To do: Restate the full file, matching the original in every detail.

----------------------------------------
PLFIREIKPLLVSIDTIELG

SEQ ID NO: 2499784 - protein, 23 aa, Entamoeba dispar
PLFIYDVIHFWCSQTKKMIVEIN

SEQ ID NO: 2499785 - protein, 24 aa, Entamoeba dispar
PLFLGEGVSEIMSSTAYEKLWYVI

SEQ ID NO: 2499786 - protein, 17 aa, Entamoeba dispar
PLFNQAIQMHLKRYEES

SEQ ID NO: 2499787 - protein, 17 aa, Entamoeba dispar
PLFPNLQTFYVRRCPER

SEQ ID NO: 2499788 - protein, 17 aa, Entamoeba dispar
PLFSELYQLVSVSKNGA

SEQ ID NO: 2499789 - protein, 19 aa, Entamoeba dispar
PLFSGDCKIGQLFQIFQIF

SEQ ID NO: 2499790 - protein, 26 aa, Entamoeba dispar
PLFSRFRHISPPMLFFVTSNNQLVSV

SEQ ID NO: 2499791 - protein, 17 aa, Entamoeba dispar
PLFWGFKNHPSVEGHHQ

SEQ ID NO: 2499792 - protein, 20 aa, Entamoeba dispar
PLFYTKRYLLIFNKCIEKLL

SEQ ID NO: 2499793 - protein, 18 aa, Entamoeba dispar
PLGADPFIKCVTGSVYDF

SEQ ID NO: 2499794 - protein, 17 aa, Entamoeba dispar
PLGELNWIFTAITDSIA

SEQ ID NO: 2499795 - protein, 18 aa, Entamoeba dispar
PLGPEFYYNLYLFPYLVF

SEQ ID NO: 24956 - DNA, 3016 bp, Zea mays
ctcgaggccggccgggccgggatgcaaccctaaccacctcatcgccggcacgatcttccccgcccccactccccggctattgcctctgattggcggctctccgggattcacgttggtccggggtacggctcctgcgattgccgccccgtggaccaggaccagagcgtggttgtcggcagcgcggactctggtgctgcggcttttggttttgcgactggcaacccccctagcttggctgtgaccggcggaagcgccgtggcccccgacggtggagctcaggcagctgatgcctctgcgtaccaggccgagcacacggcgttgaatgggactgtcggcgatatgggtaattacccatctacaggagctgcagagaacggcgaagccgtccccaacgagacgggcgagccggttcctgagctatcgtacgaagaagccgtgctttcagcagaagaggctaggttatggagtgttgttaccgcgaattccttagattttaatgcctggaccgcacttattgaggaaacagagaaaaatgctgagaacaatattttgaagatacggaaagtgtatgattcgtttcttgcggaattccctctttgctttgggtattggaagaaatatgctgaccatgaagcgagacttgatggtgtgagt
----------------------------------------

PLFIREIKPLLVSIDTIELG

SEQ ID NO: 2499784 - protein, 23 aa, Entamoeba dispar
PLFIYDVIHFWCSQTKKMIVEIN

SEQ ID NO: 2499785 - protein, 24 aa, Entamoeba dispar
PLFLGEGVSEIMSSTAYEKLWYVI

SEQ ID NO: 2499786 - protein, 17 aa, Entamoeba dispar
PLFNQAIQMHLKRYEES

SEQ ID NO: 2499787 - protein, 17 aa, Entamoeba dispar
PLFPNLQTFYVRRCPER

SEQ ID NO: 2499788 - protein, 17 aa, Entamoeba dispar
PLFSELYQLVSVSKNGA

SEQ ID NO: 2499789 - protein, 19 aa, Entamoeba dispar
PLFSGDCKIGQLFQIFQIF

SEQ ID NO: 2499790 - protein, 26 aa, Entamoeba dispar
PLFSRFRHISPPMLFFVTSNNQLVSV

SEQ ID NO: 2499791 - protein, 17 aa, Entamoeba dispar
PLFWGFKNHPSVEGHHQ

SEQ ID NO: 2499792 - protein, 20 aa, Entamoeba dispar
PLFYTKRYLLIFNKCIEKLL

SEQ ID NO: 2499793 - protein, 18 aa, Entamoeba dispar
PLGADPFIKCVTGSVYDF

SEQ ID NO: 2499794 - protein, 17 aa, Entamoeba dispar
PLGELNWIFTAITDSIA

SEQ ID NO: 2499795 - protein, 18 aa, Entamoeba dispar
PLGPEFYYNLYLFPYLVF

SEQ ID NO: 24956 - DNA, 3016 bp, Zea mays
ctcgaggccggccgggccgggatgcaaccctaaccacctcatcgccggcacgatcttccccgcccccactccccggctattgcctctgattggcggctctccgggattcacgttggtccggggtacggctcctgcgattgccgccccgtggaccaggaccagagcgtggttgtcggcagcgcggactctggtgctgcggcttttggttttgcgactggcaacccccctagcttggctgtgaccggcggaagcgccgtggcccccgacggtggagctcaggcagctgatgcctctgcgtaccaggccgagcacacggcgttgaatgggactgtcggcgatatgggtaattacccatctacaggagctgcagagaacggcgaagccgtccccaacgagacgggcgagccggttcctgagctatcgtacgaagaagccgtgctttcagcagaagaggctaggttatggagtgttgttaccgcgaattccttagattttaatgcctggaccgcacttattgaggaaacagagaaaaatgctgagaacaatattttgaagatacggaaagtgtatgattcgtttcttgcggaattccctctttgctttgggtattggaagaaatatgctgaccatgaagcgagacttgatggtgtgagt